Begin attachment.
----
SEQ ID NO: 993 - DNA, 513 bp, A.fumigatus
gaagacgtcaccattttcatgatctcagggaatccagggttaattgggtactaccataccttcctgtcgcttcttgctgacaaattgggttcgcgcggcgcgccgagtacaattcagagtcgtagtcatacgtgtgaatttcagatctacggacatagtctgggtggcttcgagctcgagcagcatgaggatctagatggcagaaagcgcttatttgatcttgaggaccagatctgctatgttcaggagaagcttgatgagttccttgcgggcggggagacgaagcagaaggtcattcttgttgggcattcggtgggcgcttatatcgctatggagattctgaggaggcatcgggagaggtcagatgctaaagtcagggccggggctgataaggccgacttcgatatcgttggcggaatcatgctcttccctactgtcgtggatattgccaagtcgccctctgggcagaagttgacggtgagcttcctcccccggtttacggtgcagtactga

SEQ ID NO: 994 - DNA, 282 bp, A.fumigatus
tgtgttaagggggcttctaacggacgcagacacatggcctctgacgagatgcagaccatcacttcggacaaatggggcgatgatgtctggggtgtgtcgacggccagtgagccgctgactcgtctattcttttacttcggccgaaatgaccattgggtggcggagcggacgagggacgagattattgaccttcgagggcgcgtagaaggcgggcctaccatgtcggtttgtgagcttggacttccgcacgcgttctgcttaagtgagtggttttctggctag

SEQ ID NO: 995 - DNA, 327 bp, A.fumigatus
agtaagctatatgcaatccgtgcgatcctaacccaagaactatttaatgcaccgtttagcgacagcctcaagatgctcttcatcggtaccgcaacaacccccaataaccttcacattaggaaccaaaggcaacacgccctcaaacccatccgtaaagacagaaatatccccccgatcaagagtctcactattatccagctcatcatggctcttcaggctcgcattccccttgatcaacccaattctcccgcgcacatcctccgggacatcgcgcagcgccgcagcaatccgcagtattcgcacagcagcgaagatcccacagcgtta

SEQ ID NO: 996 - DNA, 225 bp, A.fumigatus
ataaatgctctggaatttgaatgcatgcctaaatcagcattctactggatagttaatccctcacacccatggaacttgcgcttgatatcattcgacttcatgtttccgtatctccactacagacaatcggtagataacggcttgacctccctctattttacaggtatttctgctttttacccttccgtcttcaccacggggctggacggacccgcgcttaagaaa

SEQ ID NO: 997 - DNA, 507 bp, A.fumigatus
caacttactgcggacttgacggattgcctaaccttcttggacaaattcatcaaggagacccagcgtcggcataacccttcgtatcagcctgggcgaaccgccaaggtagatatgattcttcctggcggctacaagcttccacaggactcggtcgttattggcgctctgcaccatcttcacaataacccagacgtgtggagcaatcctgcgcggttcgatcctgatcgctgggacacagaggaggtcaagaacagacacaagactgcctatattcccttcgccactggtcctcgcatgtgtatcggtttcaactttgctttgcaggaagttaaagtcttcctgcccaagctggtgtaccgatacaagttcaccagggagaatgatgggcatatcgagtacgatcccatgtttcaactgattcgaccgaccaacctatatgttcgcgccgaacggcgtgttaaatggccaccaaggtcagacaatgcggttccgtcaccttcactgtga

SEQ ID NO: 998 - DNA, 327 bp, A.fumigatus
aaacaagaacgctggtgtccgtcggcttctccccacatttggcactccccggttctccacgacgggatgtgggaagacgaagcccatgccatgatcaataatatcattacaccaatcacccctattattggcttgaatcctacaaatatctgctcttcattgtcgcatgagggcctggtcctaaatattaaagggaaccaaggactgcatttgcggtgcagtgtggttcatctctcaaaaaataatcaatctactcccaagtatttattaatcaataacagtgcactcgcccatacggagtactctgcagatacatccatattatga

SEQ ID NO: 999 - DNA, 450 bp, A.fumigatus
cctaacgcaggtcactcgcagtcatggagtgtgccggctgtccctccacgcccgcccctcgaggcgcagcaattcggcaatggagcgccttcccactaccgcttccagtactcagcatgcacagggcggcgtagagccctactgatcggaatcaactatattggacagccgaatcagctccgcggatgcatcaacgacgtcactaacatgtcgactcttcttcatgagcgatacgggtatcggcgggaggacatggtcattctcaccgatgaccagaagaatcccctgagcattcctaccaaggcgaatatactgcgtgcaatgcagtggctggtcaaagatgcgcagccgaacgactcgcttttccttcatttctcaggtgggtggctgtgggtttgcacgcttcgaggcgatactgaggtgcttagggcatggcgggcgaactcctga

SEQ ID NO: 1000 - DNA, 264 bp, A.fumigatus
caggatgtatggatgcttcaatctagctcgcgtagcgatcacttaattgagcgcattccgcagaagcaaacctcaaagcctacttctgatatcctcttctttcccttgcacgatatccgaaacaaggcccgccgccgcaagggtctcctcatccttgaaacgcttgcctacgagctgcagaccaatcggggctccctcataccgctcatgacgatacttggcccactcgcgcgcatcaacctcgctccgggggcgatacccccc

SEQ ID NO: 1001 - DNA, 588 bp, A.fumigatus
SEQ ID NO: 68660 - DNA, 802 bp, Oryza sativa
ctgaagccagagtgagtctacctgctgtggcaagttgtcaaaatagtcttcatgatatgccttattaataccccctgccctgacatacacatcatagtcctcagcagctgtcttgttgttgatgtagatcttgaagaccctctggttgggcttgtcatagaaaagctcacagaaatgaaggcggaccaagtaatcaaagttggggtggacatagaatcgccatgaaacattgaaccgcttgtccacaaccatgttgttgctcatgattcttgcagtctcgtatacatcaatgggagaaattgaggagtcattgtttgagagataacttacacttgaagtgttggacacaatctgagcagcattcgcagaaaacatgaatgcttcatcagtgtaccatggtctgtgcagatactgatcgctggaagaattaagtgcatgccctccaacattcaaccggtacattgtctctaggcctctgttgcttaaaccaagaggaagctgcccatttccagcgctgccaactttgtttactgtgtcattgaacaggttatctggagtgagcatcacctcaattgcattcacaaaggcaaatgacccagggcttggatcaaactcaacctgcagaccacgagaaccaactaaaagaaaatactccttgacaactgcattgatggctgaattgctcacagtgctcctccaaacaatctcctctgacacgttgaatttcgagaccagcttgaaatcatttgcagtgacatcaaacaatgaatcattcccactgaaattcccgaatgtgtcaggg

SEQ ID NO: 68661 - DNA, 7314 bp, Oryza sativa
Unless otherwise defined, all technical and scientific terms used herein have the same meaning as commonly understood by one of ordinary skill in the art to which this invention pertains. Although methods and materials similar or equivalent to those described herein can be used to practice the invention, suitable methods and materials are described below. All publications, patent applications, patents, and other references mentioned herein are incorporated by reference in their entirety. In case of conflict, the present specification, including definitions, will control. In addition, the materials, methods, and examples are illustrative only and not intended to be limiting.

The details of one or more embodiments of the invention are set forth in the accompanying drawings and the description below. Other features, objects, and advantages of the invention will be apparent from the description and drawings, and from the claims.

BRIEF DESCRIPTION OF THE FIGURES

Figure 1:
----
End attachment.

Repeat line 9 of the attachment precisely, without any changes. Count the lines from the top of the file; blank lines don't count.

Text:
SEQ ID NO: 997 - DNA, 507 bp, A.fumigatus